Weaving together the future of connectivity – Tapestry: Sounds of a 5G Orkney
Certain places have a special significance for the tech industry.
Geneva will go down in history as the place where Tim Berners-Lee created the World Wide Web and CERN’s Large Hadron Collider continues to test our understanding of particle physics.
Bletchley Park will always be the hallowed home of artificial intelligence, and Silicon Valley will be remembered for the numerous digital disruptors it has produced.
Now we can add the Orkney isles to this list.
This remote archipelago ranks as one of the most under-connected areas in the UK. In a world where connectivity is key to everyday life – in and outside of work – this poses challenges and is simply unfair when you consider the level of connectivity in urban areas.
But things are changing. Over the last couple of years, Orkney has been the site of the UK’s most ambitious 5G trials as Cisco has led a project to deploy next-generation connectivity in a number of use cases across the islands – including tourism, agriculture, renewable energy and media and communications.
And now, as we reach a cornerstone moment in the trials, it’s only right that Orkney takes its place in the history books, and is recognised as a pivotal place in the development of 5G.
Demonstrating the power and impact of 5G
When we began, our goal was to demonstrate the potential of 5G to connect communities as well as devices and technological things.
We believe 5G can change the way people live their lives. The technology can and should be used to build connections between communities. And it’s imperative that this impact is felt not just in urban areas, but across the entirety of the UK.
It is this idea that inspired our new project – Tapestry: Sounds of a 5G Orkney – a way of showcasing all that is great and good about Orkney, including the technological innovations that have been delivered by the 5G RuralFirst project
Tapestry is a piece of music inspired by the sounds of a 5G-connected Orkney, created by Orcadian composer Erland Cooper.
It’s named ‘Tapestry’ because this is exactly what it is: a layering of all the different sounds of the islands, brought together by the people of Orkney and the power of 5G.
We started by inviting local Orcadians to send us the sounds they felt encapsulated their homeland. We received all sorts of audio, from bees to bagpipes, all of which you hear in the finished track.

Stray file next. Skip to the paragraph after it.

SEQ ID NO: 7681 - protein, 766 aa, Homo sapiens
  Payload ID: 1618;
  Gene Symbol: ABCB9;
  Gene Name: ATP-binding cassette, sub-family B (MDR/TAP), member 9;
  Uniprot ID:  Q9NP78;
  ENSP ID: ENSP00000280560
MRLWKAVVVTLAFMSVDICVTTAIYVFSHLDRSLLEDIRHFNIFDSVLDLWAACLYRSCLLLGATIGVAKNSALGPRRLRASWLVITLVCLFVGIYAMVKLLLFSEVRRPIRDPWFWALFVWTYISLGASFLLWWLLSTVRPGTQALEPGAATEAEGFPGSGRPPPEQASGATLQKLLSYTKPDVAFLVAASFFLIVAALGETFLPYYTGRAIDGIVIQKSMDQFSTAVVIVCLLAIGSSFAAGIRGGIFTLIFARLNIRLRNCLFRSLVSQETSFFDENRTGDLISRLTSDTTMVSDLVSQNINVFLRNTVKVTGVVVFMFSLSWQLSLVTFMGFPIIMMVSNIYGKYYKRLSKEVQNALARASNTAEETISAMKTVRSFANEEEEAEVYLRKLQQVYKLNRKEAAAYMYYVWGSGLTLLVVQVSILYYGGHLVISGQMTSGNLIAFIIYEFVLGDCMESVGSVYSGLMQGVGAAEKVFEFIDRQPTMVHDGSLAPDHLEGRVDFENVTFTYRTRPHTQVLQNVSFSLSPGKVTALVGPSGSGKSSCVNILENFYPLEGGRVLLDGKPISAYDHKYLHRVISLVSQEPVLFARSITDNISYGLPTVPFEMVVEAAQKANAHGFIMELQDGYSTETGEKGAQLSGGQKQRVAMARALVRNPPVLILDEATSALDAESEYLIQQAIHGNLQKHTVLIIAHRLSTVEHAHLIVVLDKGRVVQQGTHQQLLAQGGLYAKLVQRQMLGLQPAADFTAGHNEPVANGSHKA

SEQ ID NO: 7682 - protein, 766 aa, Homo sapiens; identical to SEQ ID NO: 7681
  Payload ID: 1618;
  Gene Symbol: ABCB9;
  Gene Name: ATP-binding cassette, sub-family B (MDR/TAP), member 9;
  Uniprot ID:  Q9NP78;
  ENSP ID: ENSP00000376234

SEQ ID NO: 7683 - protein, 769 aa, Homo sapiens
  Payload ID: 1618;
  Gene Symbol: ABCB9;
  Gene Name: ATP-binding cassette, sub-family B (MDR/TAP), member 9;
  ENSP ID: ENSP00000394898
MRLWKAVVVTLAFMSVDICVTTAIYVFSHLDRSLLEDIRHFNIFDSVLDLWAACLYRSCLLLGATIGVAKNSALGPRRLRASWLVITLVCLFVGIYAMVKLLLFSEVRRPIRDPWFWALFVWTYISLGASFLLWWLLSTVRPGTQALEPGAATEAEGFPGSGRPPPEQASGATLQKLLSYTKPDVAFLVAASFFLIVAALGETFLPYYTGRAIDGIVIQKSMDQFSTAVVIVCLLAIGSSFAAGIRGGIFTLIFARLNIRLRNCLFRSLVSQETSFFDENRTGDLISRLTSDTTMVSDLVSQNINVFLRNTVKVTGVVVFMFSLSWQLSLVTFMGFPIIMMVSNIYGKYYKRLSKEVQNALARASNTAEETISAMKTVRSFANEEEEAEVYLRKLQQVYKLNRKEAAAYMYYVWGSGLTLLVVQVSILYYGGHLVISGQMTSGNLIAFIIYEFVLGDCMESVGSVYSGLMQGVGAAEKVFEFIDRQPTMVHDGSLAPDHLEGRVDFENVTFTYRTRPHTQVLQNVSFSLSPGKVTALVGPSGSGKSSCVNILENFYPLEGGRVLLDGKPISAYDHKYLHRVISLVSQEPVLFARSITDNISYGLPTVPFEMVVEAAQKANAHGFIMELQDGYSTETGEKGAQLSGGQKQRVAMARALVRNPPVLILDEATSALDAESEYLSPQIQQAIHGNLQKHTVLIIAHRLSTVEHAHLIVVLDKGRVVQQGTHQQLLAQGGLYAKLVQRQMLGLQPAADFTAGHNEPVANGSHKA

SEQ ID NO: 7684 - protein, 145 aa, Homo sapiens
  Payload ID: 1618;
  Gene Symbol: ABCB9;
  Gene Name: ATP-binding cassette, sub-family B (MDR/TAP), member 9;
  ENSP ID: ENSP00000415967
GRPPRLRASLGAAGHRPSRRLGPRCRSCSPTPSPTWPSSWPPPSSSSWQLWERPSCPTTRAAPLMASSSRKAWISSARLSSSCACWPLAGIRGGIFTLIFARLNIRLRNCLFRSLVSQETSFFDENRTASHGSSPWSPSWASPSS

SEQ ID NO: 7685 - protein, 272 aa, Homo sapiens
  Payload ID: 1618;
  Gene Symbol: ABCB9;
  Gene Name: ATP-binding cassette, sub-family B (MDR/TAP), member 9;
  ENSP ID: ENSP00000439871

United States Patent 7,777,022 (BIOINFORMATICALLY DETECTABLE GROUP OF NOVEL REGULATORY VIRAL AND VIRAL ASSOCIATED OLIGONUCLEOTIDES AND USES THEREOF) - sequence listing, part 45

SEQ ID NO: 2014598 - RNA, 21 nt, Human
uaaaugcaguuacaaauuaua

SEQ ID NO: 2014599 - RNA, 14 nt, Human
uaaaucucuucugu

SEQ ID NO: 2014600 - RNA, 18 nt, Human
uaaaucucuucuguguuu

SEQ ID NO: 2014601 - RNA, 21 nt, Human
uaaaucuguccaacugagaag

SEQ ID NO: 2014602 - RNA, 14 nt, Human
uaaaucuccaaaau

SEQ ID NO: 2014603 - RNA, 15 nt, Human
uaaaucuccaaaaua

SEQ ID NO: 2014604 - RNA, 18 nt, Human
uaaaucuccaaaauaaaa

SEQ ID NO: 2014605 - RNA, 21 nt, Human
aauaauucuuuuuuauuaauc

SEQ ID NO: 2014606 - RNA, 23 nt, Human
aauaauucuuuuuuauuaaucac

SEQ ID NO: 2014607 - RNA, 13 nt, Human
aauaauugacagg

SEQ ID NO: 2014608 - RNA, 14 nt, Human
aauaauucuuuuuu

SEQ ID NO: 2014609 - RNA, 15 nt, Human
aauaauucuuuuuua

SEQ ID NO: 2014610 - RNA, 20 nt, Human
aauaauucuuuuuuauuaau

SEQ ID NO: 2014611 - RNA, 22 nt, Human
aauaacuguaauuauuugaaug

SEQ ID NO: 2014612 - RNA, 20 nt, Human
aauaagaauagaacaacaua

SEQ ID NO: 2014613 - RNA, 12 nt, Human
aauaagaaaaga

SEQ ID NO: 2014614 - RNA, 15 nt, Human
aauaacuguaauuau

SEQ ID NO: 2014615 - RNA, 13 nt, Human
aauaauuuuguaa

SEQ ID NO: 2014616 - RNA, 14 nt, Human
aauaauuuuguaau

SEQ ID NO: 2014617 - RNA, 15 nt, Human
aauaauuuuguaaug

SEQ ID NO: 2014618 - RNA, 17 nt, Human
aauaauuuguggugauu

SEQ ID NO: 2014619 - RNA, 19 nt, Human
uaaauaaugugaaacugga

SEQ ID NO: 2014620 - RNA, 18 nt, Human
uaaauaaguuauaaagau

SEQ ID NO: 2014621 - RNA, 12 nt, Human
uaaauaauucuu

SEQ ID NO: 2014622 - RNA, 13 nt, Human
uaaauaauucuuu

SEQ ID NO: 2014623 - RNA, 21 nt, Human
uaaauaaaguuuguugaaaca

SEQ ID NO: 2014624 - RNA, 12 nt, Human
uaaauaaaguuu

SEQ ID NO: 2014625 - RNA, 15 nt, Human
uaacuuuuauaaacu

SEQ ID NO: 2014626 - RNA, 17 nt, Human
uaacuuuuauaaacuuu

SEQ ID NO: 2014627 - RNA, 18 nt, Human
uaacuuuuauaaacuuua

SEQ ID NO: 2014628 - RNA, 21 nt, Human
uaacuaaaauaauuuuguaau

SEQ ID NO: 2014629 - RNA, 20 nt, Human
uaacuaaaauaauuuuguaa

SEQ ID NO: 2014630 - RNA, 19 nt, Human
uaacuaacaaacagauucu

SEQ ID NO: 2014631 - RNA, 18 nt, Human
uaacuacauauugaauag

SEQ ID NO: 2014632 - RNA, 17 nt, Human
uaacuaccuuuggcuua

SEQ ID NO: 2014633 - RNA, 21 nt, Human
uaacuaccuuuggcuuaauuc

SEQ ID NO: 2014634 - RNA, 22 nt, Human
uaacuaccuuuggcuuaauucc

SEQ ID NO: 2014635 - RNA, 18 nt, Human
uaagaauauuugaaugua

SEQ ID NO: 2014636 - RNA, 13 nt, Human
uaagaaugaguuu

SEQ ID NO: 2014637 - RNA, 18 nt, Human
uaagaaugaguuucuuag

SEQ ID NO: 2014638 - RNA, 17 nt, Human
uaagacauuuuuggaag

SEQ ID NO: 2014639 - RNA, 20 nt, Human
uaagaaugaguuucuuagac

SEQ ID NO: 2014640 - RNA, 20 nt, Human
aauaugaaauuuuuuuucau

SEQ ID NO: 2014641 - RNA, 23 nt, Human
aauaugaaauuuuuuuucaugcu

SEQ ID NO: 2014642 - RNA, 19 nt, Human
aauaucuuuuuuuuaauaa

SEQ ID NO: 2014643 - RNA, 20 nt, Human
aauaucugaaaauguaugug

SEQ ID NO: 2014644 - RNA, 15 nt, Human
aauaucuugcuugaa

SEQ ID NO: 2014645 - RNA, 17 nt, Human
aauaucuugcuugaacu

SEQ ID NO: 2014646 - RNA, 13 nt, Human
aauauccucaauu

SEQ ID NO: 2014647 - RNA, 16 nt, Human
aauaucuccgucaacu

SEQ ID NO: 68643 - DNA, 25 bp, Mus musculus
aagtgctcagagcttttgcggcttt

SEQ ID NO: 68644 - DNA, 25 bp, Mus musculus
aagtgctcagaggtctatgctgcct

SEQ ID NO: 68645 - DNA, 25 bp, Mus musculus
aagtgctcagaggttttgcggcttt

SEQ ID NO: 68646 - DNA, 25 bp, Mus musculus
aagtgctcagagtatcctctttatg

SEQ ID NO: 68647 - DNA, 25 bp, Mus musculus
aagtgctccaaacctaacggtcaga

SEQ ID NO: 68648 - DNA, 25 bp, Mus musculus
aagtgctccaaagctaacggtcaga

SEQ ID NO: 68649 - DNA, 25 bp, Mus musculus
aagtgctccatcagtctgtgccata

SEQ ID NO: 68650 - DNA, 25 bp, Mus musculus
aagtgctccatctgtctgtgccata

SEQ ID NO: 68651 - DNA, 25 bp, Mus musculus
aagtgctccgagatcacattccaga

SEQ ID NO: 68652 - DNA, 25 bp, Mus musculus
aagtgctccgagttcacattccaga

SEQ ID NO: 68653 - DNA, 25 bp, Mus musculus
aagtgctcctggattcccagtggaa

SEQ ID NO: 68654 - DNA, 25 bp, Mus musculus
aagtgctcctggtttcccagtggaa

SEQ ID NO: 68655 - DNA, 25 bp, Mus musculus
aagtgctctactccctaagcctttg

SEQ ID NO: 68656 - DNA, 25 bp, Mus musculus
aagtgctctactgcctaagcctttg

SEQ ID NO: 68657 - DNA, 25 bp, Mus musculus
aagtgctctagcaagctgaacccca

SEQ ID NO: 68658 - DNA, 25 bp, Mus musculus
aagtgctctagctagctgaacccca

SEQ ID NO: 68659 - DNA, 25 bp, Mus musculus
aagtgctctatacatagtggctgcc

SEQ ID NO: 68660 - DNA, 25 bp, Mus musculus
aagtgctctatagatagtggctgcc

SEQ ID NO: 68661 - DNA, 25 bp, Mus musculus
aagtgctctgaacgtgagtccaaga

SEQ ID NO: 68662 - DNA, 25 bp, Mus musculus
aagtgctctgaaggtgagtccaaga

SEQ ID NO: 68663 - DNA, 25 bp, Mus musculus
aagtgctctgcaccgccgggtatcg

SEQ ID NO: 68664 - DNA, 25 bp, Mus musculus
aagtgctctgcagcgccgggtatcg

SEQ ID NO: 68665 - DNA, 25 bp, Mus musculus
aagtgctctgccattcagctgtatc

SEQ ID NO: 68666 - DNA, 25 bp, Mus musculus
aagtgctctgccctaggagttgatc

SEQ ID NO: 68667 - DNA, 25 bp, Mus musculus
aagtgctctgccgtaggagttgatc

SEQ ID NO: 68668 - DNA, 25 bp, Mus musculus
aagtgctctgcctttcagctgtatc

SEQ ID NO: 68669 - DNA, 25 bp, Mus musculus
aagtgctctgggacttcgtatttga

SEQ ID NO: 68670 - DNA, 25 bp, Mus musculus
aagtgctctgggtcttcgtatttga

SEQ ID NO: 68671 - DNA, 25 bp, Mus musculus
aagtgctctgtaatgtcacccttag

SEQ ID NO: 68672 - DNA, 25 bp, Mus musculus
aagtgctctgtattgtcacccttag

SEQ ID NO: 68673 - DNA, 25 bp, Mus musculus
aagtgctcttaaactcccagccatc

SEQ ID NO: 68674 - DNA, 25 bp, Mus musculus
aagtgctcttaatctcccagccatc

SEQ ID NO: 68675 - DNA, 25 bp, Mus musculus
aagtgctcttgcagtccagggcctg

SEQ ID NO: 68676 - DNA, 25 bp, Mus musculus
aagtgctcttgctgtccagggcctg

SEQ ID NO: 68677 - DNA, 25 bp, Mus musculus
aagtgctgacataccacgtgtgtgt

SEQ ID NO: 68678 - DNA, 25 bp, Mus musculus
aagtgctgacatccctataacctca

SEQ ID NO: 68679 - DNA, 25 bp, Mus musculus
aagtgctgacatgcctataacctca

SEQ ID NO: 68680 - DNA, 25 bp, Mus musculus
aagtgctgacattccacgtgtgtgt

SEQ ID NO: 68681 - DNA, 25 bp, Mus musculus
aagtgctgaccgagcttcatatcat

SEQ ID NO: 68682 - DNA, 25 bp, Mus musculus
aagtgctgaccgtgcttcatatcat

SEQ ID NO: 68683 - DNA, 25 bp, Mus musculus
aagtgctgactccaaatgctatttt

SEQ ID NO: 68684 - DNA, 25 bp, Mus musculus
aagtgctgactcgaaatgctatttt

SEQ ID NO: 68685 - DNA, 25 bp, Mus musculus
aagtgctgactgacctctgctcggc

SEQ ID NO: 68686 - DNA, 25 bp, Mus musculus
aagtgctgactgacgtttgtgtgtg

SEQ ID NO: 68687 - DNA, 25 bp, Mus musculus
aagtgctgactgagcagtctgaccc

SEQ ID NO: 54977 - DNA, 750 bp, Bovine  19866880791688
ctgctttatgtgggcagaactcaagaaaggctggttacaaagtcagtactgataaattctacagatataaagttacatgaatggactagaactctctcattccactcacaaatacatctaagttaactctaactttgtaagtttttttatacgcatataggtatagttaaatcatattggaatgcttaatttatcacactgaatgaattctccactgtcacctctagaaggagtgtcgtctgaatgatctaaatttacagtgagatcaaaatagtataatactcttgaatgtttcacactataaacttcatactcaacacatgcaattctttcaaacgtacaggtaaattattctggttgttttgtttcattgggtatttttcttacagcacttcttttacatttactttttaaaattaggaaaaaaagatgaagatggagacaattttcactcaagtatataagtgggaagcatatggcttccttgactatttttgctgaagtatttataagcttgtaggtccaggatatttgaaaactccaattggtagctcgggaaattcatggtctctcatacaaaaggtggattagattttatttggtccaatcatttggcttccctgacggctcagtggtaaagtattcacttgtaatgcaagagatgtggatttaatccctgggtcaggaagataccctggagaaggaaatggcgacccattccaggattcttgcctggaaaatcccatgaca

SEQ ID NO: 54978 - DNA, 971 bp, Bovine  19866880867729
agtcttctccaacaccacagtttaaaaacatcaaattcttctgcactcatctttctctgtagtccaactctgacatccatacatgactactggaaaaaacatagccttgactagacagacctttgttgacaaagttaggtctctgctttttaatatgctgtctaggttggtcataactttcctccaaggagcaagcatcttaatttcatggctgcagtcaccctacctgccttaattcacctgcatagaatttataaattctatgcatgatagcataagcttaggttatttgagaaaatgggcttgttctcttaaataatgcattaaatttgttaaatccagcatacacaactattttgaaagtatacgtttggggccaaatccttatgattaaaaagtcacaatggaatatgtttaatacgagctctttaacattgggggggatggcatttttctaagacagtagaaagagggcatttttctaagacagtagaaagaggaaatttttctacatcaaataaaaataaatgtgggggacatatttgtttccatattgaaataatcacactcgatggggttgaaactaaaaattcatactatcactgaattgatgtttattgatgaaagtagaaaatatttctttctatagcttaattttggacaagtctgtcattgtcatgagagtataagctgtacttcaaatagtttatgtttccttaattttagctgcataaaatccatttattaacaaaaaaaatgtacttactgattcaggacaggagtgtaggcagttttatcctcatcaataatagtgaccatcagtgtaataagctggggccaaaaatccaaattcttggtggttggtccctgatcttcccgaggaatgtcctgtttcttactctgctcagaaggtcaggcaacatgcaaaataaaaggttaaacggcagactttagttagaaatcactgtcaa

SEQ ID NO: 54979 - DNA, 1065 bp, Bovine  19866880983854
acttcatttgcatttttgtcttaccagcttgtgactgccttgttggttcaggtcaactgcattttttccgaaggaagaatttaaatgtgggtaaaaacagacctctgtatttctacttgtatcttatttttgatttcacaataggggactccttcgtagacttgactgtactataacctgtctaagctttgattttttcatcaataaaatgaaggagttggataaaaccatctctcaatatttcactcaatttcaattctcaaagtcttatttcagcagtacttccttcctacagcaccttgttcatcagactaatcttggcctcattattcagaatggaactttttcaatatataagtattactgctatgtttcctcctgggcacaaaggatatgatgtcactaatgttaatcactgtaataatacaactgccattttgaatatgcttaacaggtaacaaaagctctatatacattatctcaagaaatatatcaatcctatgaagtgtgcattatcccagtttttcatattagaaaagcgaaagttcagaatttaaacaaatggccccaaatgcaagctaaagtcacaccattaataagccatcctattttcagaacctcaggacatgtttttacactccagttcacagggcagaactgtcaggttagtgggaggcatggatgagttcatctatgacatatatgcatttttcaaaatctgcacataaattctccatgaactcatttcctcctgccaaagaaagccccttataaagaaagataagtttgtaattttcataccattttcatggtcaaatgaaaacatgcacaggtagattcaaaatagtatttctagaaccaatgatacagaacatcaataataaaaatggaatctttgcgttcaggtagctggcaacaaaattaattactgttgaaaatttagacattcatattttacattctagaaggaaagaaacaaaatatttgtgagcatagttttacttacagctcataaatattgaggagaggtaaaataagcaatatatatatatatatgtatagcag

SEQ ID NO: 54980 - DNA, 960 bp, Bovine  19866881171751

Our 5G use cases were also part of the sounds we recorded at these locations. The sea farms, for example, contributed sounds of the salmon cages. While the noise of the connected wind turbines has formed the rhythm behind Tapestry.
We combined these sounds alongside our own field recordings at test site locations like Skara Brae, the Scottish Sea Farms and Hammars Hill wind farm.
We also placed remote mics around the island, used 5G to transmit live sounds of Orkney directly to Erland Cooper’s London studio in real time, so he could be inspired by the noises of the isles while he worked on Tapestry. In this way, 5G was both the subject and the vehicle for the track.
The result is a sonic portrait of Orkney; a unique way to showcase the work of 5G RuralFirst and reach a broader, mainstream audience than we can achieve when we focus on the bits and bytes alone. The project has demonstrated what 5G can do and has shown how a 5G connection can make a positive difference to life in the Orkney islands – delivering for businesses and the community overall.
Connecting a community
The technological achievements of this trial are something everyone at Cisco are hugely proud of. But we’ve also been blown away by the way it has impacted the community itself – a community everyone involved in the trials has come to call its own.
Throughout the project, we’ve focused on rural industries that make a big contribution to the UK but are sometimes the unsung heroes of our economy and our culture. From salmon fishing to whisky production and renewable energy – these industries are part of the fabric of the UK and will be for years to come.
We’ve used 5G to amplify local voices and sounds that would otherwise go unheard, and then reach people in new ways. For example, we recently had a listening party in St Magnus Cathedral for the local community to experience Tapestry for the very first time.
We were thrilled at the response it received, especially as so many people said it really reflected Orkney as they know it.
Ultimately, it’s been wonderful to spend time in Orkney, undoubtedly one of the most beautiful places in the world.
Its remoteness and wildness have, as you’d expect, been a challenge at times, but this is the reality of much of the UK and it is exactly why Orkney was the perfect place to trial 5G technology.
As a society, everyone – from government to technology companies – has a responsibility to ensure all areas of the UK are connected and able to use technology to benefit their lives, businesses and culture. Innovation like this has to be accessible to everyone or it will never reach its full potential.
The trials have proven that 5G can have a huge impact and I’m genuinely proud to have been part of celebrating Orkney and showcasing the power of 5G.
To read more about 5G RuralFirst and Tapestry, visit Sounds of a 5G Orkney